One of the biggest features of the game is that it is, as the title would suggest, free to play. Rather than making you pay, you can enjoy it gratis or you can choose to upgrade your account, which is subscription based and will cost $4.99 a month. The upgrade gets you extra shiny features which aren't integral to the game like extra jobs and the ability to have three characters rather than just one. You also get access to leaderboards and extra items and quests.
Rather than being played from a desktop, you instead play via a browser like Firefox. The game installs on your hard drive (around 50mbs when I installed it) and then you access it via the game site. Each time you access the login page, any patches are automatically updated and this area forms the hub. You can check your friends list, see how many quests you've completed and purchase Station Credits to buy things like pets.
Character-wise, the beta gives you the option of playing as a male or female fairy or a human boy or girl. There are some nice customisation options including clothing, makeup and I especially like the name generator which let's you use a slot machine-like system to come up with imaginative and distinctly New Age/fantasy-sounding first and last names. You can either let fate choose your name or take a bit you like - in my case Cassandra and onyx - and then let the wheel of chance come up with the other elements.
You don't get thrown in to the deep end though. Much like World of Warcraft
or EverQuest II
, there is a starter zone to ease you into gameplay, a phased area out of sync with the rest of Free Realms
where you can learn Questing 101 in peace and quiet. However unlike other titles where you are instantly made to do battle with denizens larger and uglier than you, you don't have to fight. Instead the game is all about choice. My character only became a brawler by accident as the tutorial does teach you how to fight, but that doesn't mean you have to continue. Indeed it's rather refreshing to chase away creatures and be commanded to scare them away rather than stomp on them until all that is left are batter corpses.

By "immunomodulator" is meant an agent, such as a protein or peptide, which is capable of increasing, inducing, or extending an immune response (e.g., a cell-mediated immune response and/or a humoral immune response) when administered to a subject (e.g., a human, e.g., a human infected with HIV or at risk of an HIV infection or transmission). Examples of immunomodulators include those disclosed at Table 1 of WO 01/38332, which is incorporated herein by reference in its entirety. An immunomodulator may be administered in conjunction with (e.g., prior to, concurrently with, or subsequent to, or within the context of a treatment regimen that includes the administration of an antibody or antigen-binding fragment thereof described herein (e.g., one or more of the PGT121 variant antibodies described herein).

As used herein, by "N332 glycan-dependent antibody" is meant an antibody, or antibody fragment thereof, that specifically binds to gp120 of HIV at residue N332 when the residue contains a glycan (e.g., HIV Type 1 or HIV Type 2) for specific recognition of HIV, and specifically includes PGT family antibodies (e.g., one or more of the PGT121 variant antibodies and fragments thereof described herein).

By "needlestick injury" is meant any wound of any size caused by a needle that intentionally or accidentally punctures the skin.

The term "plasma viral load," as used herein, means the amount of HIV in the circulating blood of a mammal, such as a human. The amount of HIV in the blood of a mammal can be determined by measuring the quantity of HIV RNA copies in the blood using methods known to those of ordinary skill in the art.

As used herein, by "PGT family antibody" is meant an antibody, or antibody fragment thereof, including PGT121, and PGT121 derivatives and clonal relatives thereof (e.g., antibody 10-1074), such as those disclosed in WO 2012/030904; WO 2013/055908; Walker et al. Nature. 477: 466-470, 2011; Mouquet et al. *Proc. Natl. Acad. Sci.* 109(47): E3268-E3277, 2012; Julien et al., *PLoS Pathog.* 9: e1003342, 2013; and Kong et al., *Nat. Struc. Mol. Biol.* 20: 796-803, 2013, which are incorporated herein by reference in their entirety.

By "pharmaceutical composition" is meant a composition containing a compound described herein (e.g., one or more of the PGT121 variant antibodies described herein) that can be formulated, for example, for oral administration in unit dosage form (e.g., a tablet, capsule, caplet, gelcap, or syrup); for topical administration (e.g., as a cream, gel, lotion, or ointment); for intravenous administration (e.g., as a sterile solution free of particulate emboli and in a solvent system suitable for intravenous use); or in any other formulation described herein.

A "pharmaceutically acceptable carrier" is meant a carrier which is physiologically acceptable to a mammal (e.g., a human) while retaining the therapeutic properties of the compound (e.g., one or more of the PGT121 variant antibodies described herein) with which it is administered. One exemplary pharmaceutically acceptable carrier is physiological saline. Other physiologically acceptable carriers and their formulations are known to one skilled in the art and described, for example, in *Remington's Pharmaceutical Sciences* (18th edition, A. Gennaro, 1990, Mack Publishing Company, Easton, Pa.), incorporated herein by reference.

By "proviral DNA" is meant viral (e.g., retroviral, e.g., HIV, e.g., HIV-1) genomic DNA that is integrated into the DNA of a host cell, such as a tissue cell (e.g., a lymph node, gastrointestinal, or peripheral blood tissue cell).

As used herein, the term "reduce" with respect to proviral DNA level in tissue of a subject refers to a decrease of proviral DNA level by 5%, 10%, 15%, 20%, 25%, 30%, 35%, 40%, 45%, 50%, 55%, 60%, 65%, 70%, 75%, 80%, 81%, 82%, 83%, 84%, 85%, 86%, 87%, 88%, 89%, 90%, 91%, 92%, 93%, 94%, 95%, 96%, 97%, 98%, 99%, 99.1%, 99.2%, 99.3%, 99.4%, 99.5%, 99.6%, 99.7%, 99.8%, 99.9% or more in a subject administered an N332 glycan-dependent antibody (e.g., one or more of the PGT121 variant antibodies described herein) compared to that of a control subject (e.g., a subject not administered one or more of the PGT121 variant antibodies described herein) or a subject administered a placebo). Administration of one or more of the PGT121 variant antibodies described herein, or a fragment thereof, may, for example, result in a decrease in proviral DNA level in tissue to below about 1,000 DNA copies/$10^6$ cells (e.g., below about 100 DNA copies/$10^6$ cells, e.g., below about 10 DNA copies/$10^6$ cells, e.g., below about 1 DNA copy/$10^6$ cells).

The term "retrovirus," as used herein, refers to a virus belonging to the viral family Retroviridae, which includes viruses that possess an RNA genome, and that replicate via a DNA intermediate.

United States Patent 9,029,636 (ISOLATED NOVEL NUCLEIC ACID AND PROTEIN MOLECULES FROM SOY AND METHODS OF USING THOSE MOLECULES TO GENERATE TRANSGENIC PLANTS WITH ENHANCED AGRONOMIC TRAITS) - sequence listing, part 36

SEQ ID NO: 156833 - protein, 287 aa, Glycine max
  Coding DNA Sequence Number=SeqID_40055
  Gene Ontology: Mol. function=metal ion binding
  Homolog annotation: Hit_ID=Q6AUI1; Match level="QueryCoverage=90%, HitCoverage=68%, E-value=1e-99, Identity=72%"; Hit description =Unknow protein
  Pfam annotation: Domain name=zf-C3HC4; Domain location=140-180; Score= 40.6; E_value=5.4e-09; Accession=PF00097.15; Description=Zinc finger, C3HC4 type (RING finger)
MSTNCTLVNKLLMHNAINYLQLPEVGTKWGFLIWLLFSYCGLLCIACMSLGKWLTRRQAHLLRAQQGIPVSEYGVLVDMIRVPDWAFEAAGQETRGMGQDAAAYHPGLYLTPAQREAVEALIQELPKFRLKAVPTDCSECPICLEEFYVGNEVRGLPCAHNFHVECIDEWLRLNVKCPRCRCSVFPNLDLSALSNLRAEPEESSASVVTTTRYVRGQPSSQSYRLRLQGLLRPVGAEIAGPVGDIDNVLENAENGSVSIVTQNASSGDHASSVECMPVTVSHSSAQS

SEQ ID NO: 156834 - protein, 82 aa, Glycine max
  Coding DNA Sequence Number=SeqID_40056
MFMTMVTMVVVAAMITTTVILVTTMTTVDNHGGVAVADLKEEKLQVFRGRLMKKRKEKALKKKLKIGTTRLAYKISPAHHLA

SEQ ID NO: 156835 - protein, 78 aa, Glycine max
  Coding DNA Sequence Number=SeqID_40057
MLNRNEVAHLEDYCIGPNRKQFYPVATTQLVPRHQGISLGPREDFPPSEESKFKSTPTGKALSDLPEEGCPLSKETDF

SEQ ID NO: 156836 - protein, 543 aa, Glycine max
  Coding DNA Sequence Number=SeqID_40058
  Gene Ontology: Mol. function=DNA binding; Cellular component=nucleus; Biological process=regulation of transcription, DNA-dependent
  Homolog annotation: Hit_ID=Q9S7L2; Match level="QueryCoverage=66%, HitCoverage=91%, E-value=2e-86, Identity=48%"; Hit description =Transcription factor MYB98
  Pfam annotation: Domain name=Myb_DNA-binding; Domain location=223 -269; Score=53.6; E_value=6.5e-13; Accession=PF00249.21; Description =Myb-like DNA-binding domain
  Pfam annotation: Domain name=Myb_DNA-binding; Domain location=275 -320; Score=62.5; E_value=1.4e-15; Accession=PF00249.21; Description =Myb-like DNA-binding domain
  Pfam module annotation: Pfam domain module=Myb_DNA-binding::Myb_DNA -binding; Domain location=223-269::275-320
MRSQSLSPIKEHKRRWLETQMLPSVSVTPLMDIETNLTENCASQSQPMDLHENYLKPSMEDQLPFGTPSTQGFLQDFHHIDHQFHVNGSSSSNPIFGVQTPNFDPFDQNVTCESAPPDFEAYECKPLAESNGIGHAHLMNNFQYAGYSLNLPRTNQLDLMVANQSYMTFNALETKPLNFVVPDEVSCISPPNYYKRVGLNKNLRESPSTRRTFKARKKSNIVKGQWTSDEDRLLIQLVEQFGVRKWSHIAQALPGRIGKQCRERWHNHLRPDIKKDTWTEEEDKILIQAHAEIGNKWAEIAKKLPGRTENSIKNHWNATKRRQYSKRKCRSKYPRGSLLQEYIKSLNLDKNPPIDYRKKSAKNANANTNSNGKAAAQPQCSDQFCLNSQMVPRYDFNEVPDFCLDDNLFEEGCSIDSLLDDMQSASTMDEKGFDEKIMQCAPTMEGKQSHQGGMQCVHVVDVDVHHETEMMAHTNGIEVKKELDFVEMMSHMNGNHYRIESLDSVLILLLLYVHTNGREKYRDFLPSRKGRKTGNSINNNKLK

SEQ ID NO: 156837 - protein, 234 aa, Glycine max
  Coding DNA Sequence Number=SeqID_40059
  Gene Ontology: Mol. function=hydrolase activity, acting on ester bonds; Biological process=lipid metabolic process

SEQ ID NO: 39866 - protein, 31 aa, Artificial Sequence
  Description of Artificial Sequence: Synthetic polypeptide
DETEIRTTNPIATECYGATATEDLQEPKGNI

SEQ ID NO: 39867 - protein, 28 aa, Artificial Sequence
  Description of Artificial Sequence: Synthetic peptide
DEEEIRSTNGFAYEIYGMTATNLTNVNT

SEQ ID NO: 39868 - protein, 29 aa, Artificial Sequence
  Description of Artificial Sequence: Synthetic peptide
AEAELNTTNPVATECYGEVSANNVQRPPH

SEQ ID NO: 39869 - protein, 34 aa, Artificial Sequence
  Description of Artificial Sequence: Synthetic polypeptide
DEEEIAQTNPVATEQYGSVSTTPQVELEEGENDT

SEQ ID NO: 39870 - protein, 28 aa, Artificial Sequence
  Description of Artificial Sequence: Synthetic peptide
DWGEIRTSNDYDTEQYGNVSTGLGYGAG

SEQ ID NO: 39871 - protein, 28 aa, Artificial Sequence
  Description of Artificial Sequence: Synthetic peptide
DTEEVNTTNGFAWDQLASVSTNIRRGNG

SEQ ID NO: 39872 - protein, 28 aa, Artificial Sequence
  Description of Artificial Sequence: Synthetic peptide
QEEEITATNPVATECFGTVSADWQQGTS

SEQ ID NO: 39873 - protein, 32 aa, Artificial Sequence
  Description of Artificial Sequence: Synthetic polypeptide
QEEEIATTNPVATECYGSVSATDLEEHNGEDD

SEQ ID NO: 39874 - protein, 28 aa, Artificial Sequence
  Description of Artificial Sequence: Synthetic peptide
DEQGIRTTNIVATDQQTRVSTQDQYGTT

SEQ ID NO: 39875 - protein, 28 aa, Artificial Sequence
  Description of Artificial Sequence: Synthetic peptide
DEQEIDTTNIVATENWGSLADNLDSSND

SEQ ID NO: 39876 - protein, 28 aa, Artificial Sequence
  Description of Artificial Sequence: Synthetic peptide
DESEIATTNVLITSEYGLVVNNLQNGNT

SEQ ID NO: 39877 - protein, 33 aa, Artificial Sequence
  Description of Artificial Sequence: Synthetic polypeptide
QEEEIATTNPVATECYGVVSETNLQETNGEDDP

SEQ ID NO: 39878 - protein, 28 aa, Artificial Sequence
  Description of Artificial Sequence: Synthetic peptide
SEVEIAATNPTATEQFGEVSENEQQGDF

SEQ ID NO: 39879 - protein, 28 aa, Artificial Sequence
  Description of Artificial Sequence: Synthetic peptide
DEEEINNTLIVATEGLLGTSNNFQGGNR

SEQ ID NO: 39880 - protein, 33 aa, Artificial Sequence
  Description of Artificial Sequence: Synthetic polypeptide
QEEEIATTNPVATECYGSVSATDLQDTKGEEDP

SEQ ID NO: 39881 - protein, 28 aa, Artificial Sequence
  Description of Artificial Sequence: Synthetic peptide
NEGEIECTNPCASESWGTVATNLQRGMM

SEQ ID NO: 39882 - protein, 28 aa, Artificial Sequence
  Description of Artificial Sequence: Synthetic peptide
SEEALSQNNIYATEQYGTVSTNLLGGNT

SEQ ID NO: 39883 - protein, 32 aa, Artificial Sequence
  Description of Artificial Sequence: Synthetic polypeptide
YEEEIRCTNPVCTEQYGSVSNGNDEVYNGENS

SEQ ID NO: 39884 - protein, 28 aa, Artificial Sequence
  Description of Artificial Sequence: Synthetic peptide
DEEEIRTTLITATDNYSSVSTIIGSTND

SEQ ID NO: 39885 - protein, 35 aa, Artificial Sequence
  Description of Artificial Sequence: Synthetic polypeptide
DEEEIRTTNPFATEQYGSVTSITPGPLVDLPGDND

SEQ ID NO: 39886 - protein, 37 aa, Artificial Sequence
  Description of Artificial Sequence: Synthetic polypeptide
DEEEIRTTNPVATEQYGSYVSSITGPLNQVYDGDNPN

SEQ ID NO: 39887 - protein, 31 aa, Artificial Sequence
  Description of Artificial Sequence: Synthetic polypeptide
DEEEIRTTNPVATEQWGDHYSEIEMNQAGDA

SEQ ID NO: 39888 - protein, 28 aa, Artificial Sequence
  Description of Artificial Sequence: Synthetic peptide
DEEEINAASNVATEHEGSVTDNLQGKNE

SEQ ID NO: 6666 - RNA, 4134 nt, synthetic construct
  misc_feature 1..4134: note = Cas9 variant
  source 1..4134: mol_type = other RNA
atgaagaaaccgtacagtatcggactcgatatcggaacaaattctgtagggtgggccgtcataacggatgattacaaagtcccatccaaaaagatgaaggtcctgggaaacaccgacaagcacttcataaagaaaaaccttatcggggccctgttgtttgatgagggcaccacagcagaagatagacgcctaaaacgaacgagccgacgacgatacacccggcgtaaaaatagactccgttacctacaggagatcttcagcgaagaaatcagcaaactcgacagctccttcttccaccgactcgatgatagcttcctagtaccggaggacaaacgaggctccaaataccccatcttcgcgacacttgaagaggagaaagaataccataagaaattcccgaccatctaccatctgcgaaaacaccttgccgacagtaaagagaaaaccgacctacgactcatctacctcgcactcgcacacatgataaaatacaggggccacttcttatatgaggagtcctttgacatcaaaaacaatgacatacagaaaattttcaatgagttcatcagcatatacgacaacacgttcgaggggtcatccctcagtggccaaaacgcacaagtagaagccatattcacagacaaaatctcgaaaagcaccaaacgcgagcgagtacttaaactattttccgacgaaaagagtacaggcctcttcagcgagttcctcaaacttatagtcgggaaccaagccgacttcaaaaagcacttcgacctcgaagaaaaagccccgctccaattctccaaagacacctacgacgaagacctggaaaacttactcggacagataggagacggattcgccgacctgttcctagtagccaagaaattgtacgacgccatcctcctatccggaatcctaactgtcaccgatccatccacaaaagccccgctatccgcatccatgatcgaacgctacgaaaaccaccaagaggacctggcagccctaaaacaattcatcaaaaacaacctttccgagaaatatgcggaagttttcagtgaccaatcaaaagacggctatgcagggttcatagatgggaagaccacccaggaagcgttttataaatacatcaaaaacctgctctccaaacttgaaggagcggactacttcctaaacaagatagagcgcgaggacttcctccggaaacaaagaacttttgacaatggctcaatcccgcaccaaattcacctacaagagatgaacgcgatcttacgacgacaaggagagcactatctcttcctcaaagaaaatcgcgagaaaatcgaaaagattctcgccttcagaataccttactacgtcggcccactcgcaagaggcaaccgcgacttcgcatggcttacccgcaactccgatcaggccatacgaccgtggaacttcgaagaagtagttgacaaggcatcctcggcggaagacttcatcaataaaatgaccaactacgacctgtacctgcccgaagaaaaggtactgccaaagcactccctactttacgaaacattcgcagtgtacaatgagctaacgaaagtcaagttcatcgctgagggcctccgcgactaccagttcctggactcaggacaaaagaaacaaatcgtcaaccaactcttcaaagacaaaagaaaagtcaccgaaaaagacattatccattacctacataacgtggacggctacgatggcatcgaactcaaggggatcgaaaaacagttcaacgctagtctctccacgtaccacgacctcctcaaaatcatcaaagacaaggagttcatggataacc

Once the trial is over - which introduces you to the instanced quest areas - you are deposited in the main server and allowed to roam free. There are quests to do, people to befriend, emotes to play with and pets to buy (or in my case, try for ten minutes). While the world is, graphically, not too complex it is very polished and the available areas quite expansive. The popup nature of the map is especially useful and there are plenty of customisable options to help tailor how you navigate around the world.Free Realms
has some really nice touches which I particularly like. Everything feels fluffy and oversized (which I, with my horrendous eyesight, find refreshing) from the chatbox to the icons and the UI itself. A breadcrumb trail leads you straight to your target and the minimap makes a lot more sense than the one I'm used to in WoW
. Indeed all these things remind you of who the game is aimed at: kids, kids and more kids. The fantasy setting feels lush, the characters plucky and appealing. I actually find it easier to play using the cursor keys as opposed to the mouse which feels a little too fiddly. Perhaps this is intentional, given the audience, as the game feels designed for ten-year-olds. Using the keys is probably easier for young children who have less advanced motor skills. Free Realms
is one of these rare titles which feels deserving of all the hype; indeed it surpasses expectations. Considering this is just a beta, there's plenty to do and see and the mechanics of the game mean there's a very easy learning curve making it perfect for kids, big or little, to grasp how to play quickly and easily.
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